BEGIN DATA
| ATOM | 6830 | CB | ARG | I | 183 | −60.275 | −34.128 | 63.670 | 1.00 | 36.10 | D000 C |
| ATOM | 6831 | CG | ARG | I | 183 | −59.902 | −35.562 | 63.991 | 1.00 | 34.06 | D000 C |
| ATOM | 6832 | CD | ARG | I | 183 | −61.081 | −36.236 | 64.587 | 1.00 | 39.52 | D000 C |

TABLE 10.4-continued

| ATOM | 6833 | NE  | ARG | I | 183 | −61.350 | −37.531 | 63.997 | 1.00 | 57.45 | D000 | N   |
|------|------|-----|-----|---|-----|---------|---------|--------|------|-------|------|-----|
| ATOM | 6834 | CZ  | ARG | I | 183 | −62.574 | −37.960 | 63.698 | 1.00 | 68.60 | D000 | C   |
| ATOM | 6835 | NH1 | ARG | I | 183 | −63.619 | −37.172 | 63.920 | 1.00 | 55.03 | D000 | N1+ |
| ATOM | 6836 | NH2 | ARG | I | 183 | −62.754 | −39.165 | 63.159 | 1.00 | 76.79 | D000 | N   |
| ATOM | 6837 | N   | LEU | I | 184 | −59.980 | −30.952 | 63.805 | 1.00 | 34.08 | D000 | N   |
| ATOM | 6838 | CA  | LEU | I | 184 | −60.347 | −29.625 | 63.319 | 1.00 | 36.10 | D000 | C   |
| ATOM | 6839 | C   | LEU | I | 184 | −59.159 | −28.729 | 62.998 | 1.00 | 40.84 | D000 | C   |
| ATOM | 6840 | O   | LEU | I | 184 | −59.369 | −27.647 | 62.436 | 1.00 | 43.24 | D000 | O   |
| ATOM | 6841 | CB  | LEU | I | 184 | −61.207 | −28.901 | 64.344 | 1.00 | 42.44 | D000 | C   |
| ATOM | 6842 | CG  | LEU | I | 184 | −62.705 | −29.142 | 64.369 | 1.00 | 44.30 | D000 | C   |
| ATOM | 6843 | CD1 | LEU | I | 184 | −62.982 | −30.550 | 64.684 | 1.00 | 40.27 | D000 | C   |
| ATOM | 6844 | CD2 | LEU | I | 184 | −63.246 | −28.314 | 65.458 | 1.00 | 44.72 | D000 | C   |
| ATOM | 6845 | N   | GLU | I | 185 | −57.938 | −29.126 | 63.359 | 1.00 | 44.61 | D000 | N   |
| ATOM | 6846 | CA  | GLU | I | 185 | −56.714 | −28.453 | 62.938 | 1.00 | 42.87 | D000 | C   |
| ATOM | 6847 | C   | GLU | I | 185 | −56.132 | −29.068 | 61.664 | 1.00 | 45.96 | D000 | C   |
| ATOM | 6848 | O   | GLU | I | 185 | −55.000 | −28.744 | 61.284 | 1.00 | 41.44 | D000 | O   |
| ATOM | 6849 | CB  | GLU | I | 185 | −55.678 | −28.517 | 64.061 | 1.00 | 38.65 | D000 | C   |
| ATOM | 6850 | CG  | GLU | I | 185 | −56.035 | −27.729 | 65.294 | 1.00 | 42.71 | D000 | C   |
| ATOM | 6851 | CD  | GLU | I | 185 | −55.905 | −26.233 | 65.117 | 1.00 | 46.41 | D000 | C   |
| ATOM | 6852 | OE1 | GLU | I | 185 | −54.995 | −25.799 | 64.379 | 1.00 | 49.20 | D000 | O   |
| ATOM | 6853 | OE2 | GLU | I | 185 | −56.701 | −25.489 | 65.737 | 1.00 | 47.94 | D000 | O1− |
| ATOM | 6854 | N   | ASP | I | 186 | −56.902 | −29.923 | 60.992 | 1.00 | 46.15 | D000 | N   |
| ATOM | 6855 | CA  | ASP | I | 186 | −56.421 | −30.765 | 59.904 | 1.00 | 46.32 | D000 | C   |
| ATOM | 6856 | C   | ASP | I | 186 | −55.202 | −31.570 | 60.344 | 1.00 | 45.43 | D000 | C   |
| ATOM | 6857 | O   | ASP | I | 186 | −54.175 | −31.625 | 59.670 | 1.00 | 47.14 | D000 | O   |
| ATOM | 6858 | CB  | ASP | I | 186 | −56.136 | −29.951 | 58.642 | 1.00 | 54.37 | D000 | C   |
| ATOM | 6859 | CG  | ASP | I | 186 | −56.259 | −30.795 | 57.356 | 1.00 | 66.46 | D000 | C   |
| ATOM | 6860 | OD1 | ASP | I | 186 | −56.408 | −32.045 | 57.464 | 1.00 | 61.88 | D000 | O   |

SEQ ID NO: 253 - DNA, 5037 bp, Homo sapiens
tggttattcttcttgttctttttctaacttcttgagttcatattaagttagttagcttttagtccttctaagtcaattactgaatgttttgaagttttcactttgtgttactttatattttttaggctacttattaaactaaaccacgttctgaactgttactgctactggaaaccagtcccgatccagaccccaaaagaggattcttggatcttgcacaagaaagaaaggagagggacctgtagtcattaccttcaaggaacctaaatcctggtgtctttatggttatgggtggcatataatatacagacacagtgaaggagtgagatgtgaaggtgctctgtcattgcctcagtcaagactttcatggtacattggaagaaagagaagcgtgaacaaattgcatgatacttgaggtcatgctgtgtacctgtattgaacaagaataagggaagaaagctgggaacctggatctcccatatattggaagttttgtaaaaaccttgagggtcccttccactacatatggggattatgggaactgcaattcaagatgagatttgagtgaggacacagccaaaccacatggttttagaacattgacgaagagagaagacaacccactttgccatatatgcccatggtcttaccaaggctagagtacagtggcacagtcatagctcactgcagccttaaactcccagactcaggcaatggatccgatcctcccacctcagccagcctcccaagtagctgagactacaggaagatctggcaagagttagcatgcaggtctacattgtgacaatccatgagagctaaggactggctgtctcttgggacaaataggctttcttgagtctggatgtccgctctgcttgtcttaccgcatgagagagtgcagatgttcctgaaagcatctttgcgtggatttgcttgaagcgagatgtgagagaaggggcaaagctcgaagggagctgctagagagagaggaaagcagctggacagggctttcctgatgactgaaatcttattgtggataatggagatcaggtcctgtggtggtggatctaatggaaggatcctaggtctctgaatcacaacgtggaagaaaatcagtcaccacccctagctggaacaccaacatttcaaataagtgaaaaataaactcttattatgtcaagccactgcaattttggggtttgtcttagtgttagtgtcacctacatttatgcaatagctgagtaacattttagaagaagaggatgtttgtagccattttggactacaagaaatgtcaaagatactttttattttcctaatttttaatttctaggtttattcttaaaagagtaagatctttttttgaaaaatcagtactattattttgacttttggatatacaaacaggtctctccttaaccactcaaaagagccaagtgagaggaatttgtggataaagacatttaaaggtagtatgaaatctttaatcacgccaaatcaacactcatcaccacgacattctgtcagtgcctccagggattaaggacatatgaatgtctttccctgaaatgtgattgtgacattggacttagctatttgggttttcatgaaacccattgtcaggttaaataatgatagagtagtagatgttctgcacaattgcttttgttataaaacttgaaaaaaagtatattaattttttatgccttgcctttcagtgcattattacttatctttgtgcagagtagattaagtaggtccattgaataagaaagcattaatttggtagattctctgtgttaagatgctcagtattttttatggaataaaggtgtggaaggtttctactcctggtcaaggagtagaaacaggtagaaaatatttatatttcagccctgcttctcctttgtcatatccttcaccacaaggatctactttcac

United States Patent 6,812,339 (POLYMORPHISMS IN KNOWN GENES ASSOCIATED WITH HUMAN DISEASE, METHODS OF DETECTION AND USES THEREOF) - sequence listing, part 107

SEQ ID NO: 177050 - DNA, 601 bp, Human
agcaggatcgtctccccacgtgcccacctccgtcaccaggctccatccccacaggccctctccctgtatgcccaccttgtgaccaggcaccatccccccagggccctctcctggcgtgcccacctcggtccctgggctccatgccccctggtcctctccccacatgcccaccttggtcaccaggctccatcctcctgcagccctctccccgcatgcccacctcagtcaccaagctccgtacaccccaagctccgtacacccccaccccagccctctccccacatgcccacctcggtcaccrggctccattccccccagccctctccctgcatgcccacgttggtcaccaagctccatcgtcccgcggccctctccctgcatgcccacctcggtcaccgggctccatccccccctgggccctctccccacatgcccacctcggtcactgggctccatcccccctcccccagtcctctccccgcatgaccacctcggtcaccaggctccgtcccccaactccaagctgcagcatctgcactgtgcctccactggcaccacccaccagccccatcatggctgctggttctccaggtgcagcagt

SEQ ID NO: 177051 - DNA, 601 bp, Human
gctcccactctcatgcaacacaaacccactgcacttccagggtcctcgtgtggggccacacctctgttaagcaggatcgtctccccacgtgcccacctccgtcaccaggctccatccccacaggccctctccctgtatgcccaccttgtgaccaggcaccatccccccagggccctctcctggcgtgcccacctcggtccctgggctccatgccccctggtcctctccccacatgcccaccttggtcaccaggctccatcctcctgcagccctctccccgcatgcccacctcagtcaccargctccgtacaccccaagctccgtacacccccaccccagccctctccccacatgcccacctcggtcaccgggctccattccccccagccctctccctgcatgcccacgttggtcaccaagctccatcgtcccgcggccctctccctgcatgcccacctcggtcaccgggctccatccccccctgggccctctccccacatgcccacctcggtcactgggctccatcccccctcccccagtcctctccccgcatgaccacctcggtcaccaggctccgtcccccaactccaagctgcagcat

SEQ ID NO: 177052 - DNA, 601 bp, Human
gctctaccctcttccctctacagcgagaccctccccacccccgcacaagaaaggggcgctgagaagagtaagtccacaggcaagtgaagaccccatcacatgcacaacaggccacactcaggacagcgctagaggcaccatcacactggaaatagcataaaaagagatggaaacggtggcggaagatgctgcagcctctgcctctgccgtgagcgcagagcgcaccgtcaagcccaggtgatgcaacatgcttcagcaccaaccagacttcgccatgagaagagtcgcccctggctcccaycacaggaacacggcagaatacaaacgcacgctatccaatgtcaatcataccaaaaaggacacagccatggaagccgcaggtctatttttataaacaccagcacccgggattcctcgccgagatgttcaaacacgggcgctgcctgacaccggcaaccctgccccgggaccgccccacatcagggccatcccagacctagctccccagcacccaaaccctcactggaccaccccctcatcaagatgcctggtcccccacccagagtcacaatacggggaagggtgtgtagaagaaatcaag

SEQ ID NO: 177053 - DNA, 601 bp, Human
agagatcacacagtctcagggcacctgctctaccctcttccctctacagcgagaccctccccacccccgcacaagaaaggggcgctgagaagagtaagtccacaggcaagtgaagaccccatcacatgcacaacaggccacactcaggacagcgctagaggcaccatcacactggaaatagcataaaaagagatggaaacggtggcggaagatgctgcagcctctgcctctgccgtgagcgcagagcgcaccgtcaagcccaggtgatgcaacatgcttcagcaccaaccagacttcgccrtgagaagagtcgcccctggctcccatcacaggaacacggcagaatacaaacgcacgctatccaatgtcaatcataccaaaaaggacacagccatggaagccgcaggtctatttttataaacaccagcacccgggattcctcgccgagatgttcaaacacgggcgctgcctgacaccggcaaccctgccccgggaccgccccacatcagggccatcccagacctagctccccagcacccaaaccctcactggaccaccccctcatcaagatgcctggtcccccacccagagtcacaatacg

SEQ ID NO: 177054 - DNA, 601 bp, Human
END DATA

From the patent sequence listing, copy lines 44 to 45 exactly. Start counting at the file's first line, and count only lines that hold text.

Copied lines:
agagatcacacagtctcagggcacctgctctaccctcttccctctacagcgagaccctccccacccccgcacaagaaaggggcgctgagaagagtaagtccacaggcaagtgaagaccccatcacatgcacaacaggccacactcaggacagcgctagaggcaccatcacactggaaatagcataaaaagagatggaaacggtggcggaagatgctgcagcctctgcctctgccgtgagcgcagagcgcaccgtcaagcccaggtgatgcaacatgcttcagcaccaaccagacttcgccrtgagaagagtcgcccctggctcccatcacaggaacacggcagaatacaaacgcacgctatccaatgtcaatcataccaaaaaggacacagccatggaagccgcaggtctatttttataaacaccagcacccgggattcctcgccgagatgttcaaacacgggcgctgcctgacaccggcaaccctgccccgggaccgccccacatcagggccatcccagacctagctccccagcacccaaaccctcactggaccaccccctcatcaagatgcctggtcccccacccagagtcacaatacg

SEQ ID NO: 177054 - DNA, 601 bp, Human